Matches (12)
IPL (2)
PAK v WI [W] (1)
RHF Trophy (4)
WT20 WC QLF (Warm-up) (5)
Match Analysis

Narine has a rare bad day at work, and Rajapaksa is to blame for it

In IPL matches where a batter has faced ten or more balls from Narine, Rajapaksa's 23 off 11 was the sixth-highest strike rate

Sidharth Monga
Sidharth Monga
This is Sunil Narine's 12th IPL. Only nine times in all these years has he gone for 40 or more runs in a match. That event, rarer than once a season, has already happened in his first match of this IPL. Bhanuka Rajapaksa is to blame for it.
Narine, with Andre Russell, is the most loyal Kolkata Knight Riders player, and the team relies too heavily on him. Oppositions have started playing Narine out, and targeting weaker bowlers, which Knight Riders tend to provide enough of.
Last year, Narine took just nine wickets through the season, but he went at under a run a ball. His strike rate in every IPL since 2015 has been upwards of 20. The economy, though, has never touched eight.
Even though Varun Chakravarthy made a good start to his 2023 IPL season with figures of 1 for 26, the start of the tournament seems to have demanded more of Narine. He is no stranger to bowling inside the powerplay, but asked to stem a marauding start from the Punjab Kings batters, Narine was taken down inside the powerplay by Rajapaksa.
Narine bowled two dots to Rajapaksa in the fifth over to start with, and possibly felt the batter was itching to sweep. So he tried to block that shot, and brought mid-off in to send a fielder back on the sweep. Immediately, Rajapaksa told his captain and batting partner Shikhar Dhawan that if Narine gave it air, he was going to go down the track. He did exactly that.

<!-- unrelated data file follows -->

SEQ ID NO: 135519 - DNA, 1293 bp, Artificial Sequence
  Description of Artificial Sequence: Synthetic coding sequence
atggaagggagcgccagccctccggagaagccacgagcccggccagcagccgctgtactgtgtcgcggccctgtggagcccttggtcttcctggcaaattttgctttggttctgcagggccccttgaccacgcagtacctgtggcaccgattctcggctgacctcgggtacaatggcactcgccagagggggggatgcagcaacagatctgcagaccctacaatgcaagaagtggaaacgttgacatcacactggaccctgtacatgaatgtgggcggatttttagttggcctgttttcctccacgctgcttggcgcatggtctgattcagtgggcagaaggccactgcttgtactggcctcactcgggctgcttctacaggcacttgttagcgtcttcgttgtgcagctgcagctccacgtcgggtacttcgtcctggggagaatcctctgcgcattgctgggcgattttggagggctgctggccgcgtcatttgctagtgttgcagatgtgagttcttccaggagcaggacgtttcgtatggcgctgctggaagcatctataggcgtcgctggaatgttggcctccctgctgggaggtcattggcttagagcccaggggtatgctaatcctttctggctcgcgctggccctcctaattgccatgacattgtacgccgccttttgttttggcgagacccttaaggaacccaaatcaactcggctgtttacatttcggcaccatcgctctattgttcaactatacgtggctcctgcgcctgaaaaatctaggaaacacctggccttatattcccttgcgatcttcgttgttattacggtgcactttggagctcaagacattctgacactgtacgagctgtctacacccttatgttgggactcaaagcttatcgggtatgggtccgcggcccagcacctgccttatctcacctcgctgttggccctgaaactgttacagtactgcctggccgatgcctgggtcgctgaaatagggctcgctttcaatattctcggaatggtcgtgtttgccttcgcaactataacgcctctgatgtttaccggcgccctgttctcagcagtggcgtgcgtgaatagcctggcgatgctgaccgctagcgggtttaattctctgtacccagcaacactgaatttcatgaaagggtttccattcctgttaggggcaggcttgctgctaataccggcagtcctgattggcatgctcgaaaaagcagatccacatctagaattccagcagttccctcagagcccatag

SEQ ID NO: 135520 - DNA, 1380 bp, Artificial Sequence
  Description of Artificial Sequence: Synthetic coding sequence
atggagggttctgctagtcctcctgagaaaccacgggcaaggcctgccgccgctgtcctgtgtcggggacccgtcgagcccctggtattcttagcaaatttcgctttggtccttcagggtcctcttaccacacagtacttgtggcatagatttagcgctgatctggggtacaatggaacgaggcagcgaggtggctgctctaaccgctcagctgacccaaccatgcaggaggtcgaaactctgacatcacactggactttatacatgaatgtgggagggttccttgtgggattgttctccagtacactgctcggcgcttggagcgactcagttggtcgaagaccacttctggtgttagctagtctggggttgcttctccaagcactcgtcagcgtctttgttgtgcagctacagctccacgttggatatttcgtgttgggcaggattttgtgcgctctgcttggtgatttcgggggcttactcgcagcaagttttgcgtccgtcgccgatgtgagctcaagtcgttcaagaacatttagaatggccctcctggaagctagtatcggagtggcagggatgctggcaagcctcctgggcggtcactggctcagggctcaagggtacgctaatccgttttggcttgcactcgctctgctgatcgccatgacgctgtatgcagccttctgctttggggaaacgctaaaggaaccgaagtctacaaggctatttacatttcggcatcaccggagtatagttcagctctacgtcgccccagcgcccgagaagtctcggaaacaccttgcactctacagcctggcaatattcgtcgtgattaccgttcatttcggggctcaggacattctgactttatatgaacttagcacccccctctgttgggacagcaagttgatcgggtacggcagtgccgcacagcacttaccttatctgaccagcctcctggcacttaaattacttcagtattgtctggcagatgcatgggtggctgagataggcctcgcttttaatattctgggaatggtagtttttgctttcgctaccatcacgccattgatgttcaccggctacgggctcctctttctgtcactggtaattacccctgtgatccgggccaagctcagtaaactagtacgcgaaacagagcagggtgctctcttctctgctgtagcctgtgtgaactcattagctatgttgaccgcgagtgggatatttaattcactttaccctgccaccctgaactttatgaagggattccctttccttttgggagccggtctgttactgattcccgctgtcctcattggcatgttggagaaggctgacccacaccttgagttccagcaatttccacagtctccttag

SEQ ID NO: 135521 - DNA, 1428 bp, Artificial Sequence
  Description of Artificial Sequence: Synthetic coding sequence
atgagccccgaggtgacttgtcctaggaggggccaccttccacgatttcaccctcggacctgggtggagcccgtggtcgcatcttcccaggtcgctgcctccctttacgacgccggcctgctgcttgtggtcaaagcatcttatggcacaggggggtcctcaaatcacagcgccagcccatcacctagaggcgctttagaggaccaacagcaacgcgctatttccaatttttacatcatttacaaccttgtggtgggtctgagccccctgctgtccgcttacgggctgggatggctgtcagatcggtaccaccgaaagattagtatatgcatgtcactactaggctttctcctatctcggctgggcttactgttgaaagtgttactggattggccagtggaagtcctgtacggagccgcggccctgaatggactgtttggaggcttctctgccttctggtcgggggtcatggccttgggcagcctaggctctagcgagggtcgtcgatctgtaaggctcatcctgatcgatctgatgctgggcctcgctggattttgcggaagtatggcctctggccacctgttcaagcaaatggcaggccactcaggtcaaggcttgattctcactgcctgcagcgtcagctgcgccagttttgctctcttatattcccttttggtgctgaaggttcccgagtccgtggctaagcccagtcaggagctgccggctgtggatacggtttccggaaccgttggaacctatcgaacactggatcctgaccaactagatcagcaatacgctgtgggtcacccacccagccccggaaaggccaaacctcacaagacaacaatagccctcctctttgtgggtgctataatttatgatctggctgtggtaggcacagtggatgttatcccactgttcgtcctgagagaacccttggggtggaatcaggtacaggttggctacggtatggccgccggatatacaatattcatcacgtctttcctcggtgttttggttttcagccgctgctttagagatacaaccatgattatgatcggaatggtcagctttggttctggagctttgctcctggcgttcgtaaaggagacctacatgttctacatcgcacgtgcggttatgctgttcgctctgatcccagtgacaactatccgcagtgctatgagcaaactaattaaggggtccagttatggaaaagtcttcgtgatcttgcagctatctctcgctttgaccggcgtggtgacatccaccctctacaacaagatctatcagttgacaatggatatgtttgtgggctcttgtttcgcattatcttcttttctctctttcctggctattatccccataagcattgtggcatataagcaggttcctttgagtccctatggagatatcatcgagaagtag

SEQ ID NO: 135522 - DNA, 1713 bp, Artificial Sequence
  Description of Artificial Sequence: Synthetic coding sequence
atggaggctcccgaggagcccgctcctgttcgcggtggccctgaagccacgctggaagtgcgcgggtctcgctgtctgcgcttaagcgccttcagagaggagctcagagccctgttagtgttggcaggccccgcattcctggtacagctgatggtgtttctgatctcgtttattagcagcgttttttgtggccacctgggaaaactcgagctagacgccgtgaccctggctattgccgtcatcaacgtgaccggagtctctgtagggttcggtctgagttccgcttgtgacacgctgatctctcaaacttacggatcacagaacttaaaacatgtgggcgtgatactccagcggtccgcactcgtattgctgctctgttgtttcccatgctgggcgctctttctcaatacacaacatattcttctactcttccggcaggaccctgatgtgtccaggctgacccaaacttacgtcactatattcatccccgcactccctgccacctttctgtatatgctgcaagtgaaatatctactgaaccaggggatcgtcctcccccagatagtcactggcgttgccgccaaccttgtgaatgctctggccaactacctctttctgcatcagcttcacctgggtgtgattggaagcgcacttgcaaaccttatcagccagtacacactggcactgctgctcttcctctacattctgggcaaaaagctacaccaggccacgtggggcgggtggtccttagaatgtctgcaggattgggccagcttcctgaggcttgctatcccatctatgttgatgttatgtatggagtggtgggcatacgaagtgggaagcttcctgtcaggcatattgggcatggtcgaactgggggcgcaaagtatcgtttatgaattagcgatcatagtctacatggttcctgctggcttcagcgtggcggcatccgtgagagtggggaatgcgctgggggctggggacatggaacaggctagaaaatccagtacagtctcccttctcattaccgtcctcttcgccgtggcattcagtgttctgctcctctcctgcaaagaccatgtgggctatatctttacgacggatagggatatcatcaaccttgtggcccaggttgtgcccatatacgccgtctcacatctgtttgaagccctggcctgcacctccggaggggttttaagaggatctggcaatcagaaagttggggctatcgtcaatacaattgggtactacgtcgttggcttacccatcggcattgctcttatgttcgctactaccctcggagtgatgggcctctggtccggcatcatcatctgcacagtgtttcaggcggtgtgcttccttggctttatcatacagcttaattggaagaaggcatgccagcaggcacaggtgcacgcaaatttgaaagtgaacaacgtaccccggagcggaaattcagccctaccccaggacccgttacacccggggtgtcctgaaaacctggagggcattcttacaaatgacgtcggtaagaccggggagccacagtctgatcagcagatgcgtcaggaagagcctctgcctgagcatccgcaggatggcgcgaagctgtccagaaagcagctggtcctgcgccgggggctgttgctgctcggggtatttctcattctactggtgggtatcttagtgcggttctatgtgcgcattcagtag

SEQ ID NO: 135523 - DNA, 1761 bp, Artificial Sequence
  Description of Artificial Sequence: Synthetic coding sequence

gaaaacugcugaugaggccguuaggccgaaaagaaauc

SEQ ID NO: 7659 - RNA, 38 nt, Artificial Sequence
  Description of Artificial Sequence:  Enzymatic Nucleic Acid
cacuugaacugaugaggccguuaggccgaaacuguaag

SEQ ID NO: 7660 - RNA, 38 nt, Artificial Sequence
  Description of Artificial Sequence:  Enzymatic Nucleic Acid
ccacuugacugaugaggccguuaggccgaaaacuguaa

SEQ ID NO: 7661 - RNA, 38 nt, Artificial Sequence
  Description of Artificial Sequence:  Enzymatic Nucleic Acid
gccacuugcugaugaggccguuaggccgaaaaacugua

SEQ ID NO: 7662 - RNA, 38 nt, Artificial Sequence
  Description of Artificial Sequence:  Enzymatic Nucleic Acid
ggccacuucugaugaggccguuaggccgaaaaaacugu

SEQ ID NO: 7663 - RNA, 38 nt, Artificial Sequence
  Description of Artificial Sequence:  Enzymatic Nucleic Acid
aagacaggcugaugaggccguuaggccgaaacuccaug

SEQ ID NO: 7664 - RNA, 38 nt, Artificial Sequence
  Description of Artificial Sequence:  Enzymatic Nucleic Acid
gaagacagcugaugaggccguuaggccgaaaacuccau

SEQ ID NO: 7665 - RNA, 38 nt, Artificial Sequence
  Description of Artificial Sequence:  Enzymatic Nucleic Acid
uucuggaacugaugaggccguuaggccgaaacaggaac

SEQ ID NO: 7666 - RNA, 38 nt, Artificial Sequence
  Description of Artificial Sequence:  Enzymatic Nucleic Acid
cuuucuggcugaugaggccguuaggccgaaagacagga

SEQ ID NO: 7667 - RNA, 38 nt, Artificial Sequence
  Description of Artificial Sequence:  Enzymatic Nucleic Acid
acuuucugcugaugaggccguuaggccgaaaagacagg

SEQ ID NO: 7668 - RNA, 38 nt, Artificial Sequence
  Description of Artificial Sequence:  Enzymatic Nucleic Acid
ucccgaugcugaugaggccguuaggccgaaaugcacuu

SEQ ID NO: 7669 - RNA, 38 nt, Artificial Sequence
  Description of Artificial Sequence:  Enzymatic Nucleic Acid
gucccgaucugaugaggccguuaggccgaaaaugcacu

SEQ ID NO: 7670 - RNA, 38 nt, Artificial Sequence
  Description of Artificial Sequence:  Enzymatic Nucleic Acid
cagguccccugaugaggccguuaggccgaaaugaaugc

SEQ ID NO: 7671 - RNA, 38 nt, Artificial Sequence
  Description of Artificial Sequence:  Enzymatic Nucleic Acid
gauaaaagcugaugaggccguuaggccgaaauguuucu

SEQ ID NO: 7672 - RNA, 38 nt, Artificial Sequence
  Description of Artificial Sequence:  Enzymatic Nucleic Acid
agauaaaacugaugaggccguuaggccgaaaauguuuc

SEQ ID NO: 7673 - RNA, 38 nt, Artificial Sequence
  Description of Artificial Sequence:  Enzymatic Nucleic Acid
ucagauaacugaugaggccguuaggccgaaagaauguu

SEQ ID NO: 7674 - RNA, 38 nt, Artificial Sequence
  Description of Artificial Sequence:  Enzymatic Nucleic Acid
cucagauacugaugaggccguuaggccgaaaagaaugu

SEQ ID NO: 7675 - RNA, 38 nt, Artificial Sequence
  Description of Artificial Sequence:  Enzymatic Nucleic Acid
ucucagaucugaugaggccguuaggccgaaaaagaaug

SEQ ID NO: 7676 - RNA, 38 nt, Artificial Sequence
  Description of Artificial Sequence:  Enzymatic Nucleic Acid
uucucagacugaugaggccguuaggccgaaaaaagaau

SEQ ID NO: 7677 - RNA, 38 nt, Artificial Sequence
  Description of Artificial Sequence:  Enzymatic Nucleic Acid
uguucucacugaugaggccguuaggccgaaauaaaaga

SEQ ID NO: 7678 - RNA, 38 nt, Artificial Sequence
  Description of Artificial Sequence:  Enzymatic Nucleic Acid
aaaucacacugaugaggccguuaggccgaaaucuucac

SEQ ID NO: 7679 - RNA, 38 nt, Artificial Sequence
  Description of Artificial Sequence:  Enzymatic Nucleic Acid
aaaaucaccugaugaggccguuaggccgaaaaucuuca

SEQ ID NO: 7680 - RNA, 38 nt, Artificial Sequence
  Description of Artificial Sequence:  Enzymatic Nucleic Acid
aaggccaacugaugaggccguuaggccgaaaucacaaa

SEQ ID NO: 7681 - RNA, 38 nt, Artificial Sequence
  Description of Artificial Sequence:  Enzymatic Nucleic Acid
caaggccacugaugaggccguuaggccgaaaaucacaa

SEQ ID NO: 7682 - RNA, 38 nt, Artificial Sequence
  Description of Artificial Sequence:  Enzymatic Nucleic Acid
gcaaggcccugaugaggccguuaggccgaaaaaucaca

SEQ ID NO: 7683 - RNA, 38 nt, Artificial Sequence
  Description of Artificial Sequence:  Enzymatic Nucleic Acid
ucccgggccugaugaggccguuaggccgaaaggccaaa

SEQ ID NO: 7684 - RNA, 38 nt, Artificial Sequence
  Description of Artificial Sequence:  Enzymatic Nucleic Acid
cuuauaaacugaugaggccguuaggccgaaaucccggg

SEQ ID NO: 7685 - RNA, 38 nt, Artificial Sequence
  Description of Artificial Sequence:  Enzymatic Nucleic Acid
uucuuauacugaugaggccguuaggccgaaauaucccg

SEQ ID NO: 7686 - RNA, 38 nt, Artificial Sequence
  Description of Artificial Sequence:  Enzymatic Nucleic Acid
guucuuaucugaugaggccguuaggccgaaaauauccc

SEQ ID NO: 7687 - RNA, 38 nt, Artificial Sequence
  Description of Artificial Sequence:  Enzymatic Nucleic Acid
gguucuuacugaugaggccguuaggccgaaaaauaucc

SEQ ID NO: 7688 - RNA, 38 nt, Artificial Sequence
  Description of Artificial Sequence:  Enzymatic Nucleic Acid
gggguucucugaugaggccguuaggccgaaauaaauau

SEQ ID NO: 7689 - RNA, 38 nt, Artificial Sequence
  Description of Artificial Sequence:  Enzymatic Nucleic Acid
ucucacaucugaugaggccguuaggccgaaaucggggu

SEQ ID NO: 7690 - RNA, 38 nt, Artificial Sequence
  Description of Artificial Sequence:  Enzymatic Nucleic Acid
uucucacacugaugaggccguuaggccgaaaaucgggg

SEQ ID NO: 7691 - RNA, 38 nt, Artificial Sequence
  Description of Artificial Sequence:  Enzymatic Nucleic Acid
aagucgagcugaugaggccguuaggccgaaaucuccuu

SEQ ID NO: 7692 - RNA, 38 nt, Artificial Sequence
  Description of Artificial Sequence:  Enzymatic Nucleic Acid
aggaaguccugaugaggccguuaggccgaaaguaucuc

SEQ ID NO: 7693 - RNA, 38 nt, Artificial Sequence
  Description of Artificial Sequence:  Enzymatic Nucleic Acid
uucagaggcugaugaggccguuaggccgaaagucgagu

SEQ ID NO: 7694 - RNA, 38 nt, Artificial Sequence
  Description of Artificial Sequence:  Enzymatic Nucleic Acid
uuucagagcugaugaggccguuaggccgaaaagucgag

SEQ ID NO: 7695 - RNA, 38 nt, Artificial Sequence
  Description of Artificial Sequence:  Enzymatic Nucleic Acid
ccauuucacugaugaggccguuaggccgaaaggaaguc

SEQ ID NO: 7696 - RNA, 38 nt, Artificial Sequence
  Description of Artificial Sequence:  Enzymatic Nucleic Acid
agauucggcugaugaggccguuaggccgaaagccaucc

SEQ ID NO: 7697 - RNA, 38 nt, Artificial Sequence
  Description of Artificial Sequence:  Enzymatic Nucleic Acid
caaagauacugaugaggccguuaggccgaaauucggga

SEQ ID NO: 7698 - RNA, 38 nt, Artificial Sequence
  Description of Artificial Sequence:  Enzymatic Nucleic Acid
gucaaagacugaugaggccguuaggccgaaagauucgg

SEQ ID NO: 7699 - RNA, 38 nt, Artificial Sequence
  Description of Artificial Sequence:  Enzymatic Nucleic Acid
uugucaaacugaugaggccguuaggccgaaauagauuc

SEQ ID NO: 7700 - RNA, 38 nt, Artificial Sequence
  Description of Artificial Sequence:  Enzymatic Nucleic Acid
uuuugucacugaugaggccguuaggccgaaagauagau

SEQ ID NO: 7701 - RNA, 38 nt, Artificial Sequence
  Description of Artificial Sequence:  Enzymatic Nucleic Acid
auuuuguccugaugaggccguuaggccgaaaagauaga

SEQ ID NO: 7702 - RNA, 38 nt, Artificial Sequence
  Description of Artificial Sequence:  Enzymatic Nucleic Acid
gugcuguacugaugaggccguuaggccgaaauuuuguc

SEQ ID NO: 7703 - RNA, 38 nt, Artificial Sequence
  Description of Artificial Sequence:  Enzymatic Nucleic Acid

Rajapaksa is an interesting hitter. He is known for his strike rate, but rarely does he use brute power. His favourite shots seem to be the flick and the chip. He made sure he didn't lose his shape when he went down the track the next two balls, and got two fours. Once over mid-off and then over extra cover. He went in the air but never looked like trying to hit a six.
Narine stuck to his guns, kept the field up, and denied Rajapaksa the sweep. But on the last ball of the over, Rajapaksa also unfurled some power, hitting a six, down the pitch and back over the bowler. This was only Narine's sixth over in the last three IPLs that had gone for 14 (or more).
He came back superbly to concede just four runs in the 18th over, but this was still a momentous occasion in the IPL for Narine - he was taken apart, conceding 40 in four overs.
And Rajapaksa didn't do it blindly. He said later that he gave himself some time because he remembered from the two practice matches in the pre-season that this Mohali pitch was not a belter.
In IPL matches where a batter has faced ten or more balls from Narine, Rajapaksa's 23 off 11 was the sixth-highest strike rate. There was nothing flashy about what Rajapaksa did, but the rarity of Narine having an off day goes against the grain of T20s, where batters will take risks, and they will come off more than once an IPL.
Rajapaksa might as well savour this because Narine won't be taken down often. If indeed he is, Knight Riders might be in for a lot of trouble.

Sidharth Monga is an assistant editor at ESPNcricinfo